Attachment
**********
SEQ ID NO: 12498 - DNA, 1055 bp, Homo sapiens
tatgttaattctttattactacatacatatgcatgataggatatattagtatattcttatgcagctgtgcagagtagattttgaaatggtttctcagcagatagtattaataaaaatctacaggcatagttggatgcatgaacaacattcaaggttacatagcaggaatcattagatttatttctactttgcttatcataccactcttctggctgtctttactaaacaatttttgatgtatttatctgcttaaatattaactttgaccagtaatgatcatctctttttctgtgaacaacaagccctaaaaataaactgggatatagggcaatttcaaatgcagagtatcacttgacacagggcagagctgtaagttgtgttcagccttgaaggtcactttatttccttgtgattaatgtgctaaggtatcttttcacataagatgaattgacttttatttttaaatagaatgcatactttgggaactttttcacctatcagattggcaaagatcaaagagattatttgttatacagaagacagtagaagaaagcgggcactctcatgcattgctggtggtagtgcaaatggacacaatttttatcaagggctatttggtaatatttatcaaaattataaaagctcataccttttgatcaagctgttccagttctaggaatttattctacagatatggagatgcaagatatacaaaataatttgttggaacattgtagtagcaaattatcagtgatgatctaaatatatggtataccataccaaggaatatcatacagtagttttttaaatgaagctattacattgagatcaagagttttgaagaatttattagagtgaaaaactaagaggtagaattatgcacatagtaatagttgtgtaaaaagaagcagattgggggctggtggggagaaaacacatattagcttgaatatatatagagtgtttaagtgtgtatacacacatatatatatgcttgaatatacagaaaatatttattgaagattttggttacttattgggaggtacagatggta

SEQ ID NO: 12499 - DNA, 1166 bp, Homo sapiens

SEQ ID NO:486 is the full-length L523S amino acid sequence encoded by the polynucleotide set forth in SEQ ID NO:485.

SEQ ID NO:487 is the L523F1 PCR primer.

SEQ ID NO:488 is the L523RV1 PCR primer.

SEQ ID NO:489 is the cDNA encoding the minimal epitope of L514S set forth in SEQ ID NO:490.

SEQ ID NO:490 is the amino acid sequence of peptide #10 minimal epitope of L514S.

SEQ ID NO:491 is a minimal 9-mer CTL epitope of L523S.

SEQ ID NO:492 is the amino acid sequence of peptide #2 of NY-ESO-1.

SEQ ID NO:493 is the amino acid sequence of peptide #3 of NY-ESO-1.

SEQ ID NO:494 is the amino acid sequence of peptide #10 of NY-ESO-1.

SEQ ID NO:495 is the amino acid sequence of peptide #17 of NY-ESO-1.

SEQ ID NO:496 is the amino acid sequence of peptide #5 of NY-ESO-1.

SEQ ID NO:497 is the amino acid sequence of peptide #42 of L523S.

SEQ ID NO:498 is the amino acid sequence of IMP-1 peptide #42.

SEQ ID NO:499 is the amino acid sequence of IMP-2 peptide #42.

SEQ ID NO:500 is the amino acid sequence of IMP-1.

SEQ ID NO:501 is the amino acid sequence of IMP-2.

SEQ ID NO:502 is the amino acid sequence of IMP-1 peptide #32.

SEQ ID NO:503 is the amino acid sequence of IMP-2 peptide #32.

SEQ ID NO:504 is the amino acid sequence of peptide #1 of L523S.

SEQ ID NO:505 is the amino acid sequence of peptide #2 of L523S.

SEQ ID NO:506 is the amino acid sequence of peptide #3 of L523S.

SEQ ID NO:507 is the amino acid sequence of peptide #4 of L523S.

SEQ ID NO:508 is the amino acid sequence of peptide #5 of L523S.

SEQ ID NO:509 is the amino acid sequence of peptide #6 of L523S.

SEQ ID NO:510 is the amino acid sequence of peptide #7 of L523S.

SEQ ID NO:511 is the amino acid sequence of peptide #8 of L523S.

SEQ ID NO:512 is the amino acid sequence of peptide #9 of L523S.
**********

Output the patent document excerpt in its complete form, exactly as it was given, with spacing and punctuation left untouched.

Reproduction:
SEQ ID NO: 12498 - DNA, 1055 bp, Homo sapiens
tatgttaattctttattactacatacatatgcatgataggatatattagtatattcttatgcagctgtgcagagtagattttgaaatggtttctcagcagatagtattaataaaaatctacaggcatagttggatgcatgaacaacattcaaggttacatagcaggaatcattagatttatttctactttgcttatcataccactcttctggctgtctttactaaacaatttttgatgtatttatctgcttaaatattaactttgaccagtaatgatcatctctttttctgtgaacaacaagccctaaaaataaactgggatatagggcaatttcaaatgcagagtatcacttgacacagggcagagctgtaagttgtgttcagccttgaaggtcactttatttccttgtgattaatgtgctaaggtatcttttcacataagatgaattgacttttatttttaaatagaatgcatactttgggaactttttcacctatcagattggcaaagatcaaagagattatttgttatacagaagacagtagaagaaagcgggcactctcatgcattgctggtggtagtgcaaatggacacaatttttatcaagggctatttggtaatatttatcaaaattataaaagctcataccttttgatcaagctgttccagttctaggaatttattctacagatatggagatgcaagatatacaaaataatttgttggaacattgtagtagcaaattatcagtgatgatctaaatatatggtataccataccaaggaatatcatacagtagttttttaaatgaagctattacattgagatcaagagttttgaagaatttattagagtgaaaaactaagaggtagaattatgcacatagtaatagttgtgtaaaaagaagcagattgggggctggtggggagaaaacacatattagcttgaatatatatagagtgtttaagtgtgtatacacacatatatatatgcttgaatatacagaaaatatttattgaagattttggttacttattgggaggtacagatggta

SEQ ID NO: 12499 - DNA, 1166 bp, Homo sapiens

SEQ ID NO:486 is the full-length L523S amino acid sequence encoded by the polynucleotide set forth in SEQ ID NO:485.

SEQ ID NO:487 is the L523F1 PCR primer.

SEQ ID NO:488 is the L523RV1 PCR primer.

SEQ ID NO:489 is the cDNA encoding the minimal epitope of L514S set forth in SEQ ID NO:490.

SEQ ID NO:490 is the amino acid sequence of peptide #10 minimal epitope of L514S.

SEQ ID NO:491 is a minimal 9-mer CTL epitope of L523S.

SEQ ID NO:492 is the amino acid sequence of peptide #2 of NY-ESO-1.

SEQ ID NO:493 is the amino acid sequence of peptide #3 of NY-ESO-1.

SEQ ID NO:494 is the amino acid sequence of peptide #10 of NY-ESO-1.

SEQ ID NO:495 is the amino acid sequence of peptide #17 of NY-ESO-1.

SEQ ID NO:496 is the amino acid sequence of peptide #5 of NY-ESO-1.

SEQ ID NO:497 is the amino acid sequence of peptide #42 of L523S.

SEQ ID NO:498 is the amino acid sequence of IMP-1 peptide #42.

SEQ ID NO:499 is the amino acid sequence of IMP-2 peptide #42.

SEQ ID NO:500 is the amino acid sequence of IMP-1.

SEQ ID NO:501 is the amino acid sequence of IMP-2.

SEQ ID NO:502 is the amino acid sequence of IMP-1 peptide #32.

SEQ ID NO:503 is the amino acid sequence of IMP-2 peptide #32.

SEQ ID NO:504 is the amino acid sequence of peptide #1 of L523S.

SEQ ID NO:505 is the amino acid sequence of peptide #2 of L523S.

SEQ ID NO:506 is the amino acid sequence of peptide #3 of L523S.

SEQ ID NO:507 is the amino acid sequence of peptide #4 of L523S.

SEQ ID NO:508 is the amino acid sequence of peptide #5 of L523S.

SEQ ID NO:509 is the amino acid sequence of peptide #6 of L523S.

SEQ ID NO:510 is the amino acid sequence of peptide #7 of L523S.

SEQ ID NO:511 is the amino acid sequence of peptide #8 of L523S.

SEQ ID NO:512 is the amino acid sequence of peptide #9 of L523S.